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The war on savings
The war on savings, that's what market fundamentalist often call the unconventional policies of the Fed after the financial crash in 2008. They also argue that the Fed is responsible for the huge increase in inequality. See for instance the very first comment in an article here:

Quote:Inflation is the friend of those who want to keep running debt and printing money which includes the government and central banks. It is not those with money especially at these rates. The Federal Reserve should stop lying. They are essentially bankrupting the baby boomer retiring class to keep bankers junk debt loans they are choking on afloat. Stop it already.

Now let's see who actually saves. Below you see how, from the mid 1980s (after the recovery from the recession), the saving rate is going down for the bottom 90% of households
[Image: 191022_14527966182417_1.jpg]

You see that the savings rate of the bottom 90%(!) of households, after even going negative in the decade before the financial crisis went negative, and is still essentially zero. Since US households save on average is a little above 5% (see figure below).

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[Image: united-states-personal-savings.png?s=uni...603120407n]

This means that basically all the savings come from the top 10% of households, which means that they save far in excess of 5% of their income. 

This basically means that the Fed policies is hurting the rich and favoring the bottom 90% of households, who are also likely to be more in debt so the Fed's efforts to get inflation up would also benefit them.

Of course, this is not a complete picture, the top 10% also hold far more financial assets, which have benefited from unconventional monetary policy, but it does show that it is nonsense to argue that the Fed is bankrupting the baby boomer class in its "war on savings"
Nice work there, stpioc. The 'funny' thing is, after years of flat out denial, the Republicans only now discovered inequality as they can blame it on the Fed (and Obama), and exploit the anger..
If You're Over 65, You Should Love the Fed

MAR 18, 2016 7:00 AM EDT
By Narayana Kocherlakota

Conventional wisdom suggests that monetary stimulus is particularly bad for senior citizens: When the Federal Reserve holds interest rates low, retirees tend to get less income from their nest eggs. Over the past eight years, though, they've done a lot better than this simple logic would imply.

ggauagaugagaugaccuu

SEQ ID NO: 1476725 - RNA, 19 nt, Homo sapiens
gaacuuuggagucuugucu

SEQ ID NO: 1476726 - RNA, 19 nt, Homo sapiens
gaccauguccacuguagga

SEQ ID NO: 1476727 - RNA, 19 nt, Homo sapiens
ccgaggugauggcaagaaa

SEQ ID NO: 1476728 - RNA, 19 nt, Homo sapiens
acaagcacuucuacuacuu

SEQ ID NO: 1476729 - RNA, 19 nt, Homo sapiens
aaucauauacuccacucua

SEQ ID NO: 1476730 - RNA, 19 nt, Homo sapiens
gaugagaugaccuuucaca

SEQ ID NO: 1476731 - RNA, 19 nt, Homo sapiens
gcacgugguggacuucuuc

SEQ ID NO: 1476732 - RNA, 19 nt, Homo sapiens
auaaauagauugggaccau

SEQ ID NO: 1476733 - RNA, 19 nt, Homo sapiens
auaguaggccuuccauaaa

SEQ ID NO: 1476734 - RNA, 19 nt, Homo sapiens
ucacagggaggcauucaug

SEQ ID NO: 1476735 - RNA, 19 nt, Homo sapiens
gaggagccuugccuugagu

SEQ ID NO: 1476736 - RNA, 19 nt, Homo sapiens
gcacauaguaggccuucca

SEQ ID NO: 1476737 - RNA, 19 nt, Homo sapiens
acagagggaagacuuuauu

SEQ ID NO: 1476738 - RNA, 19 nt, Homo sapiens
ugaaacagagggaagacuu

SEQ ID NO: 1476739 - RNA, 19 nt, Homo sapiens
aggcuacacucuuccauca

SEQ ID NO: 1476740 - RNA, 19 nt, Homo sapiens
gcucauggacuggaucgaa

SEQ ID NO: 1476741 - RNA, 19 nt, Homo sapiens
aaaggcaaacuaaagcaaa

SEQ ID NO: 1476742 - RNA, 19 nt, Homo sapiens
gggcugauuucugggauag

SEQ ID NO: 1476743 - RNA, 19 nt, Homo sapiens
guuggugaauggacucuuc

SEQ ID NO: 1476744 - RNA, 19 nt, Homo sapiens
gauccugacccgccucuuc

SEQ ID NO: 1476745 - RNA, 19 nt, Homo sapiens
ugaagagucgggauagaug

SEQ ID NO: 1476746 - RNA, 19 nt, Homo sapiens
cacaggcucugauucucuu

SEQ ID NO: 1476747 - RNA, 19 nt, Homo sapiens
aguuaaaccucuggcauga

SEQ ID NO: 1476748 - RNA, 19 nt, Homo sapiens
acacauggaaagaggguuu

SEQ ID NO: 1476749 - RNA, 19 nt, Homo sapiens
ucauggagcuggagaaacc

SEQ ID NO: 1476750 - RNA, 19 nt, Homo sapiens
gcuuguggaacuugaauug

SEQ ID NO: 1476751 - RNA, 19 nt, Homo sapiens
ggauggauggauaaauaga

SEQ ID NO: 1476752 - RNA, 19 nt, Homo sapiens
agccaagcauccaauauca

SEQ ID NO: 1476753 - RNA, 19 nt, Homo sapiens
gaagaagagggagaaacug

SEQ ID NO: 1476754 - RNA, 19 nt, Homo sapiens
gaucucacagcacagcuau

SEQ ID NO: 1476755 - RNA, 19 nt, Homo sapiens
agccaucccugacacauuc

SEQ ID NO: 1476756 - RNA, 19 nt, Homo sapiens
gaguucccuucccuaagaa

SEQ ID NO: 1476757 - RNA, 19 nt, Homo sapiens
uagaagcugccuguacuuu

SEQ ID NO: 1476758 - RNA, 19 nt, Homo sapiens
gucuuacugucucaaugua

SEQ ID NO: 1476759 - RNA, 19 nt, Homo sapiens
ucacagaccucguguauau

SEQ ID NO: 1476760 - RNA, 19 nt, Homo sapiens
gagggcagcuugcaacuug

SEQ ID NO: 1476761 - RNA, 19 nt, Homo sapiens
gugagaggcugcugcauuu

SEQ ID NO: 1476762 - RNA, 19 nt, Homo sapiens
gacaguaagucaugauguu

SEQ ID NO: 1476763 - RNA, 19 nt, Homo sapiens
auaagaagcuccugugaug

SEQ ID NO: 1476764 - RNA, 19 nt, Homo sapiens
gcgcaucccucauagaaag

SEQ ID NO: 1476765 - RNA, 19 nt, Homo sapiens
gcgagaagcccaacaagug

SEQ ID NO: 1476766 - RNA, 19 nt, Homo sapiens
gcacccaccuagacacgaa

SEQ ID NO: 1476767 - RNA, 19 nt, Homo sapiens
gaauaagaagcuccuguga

Consider the amount of goods and services that seniors consume -- an important indicator of their well-being. According to the Consumer Expenditure Survey, the average household headed by someone aged 65 or older consumed 5 percent more in 2014 than in 2007, adjusted for inflation. That compares to declines of 5 percent for all households and 7 percent for households headed by someone aged 35 to 44.

Averages, of course, can be driven by a small number of households. That said, the apparent rise in seniors' consumption mirrors an increase in median pre-tax income: Families headed by someone aged 65 to 74 saw an inflation-adjusted gain of about 5 percent from 2007 to 2013, according to the most recent (2014) version of the triennial Survey of Consumer Finances. For families headed by someone aged 75 and over, the increase was 10 percent. By contrast, families headed by people aged 35 to 44 and 45 to 54 suffered declines of 4 percent and 17 percent, respectively.

If low interest rates have posed a challenge for seniors, why then have they done relatively well in terms of consumption and income? I can think of at least four reasons:
  • The disappointingly slow wage and employment growth of the past decade has had less impact on seniors than on younger folks.
  • Seniors’ social-security income rises with inflation, maintaining their purchasing power. It doesn't, however, decline when prices fall -- a feature from which they profited (modestly) last year.
  • Many seniors own annuities or bonds that provide them with fixed payments. Because inflation has been surprisingly low, they’ve gotten more purchasing power from these fixed payments than they could have expected.
  • Seniors hold more assets like stocks, bonds, and homes than do younger folks. All of these assets have appreciated a lot over the past seven years, providing seniors with a source of spending money that offsets some of the effect of low interest rates.
All this suggests that the Fed's policies over the past seven years have actually favored seniors. After all, we should assess the appropriateness of monetary policy in terms of macroeconomic outcomes, not in terms of the level of interest rates. And when we judge by outcomes, we have to conclude that monetary policy has not been appropriate for the economy as a whole, because inflation and employment have been too low. Unduly tight monetary policy has systematically shifted the distribution of resources toward people who are not working and who receive payments that are, in large part, not indexed to inflation -- that is, toward retirees.

The tilt of monetary policy toward seniors makes a sort of political sense. I suspect that most Fed policymakers receive relatively little input on the economy from people who are younger than 40 (this was certainly true for me when I worked there). There is also pressure from Congress for the Fed to make choices that favor seniors, as suggested by the questions legislators pose to Chair Janet Yellen.

The aging of the population will be a defining characteristic of the U.S. economy for decades to come. This will probably increase the pressure on the Fed to make monetary policy choices that lead to unduly low inflation and employment. If they want the economy to achieve its full potential, policy makers must resist.

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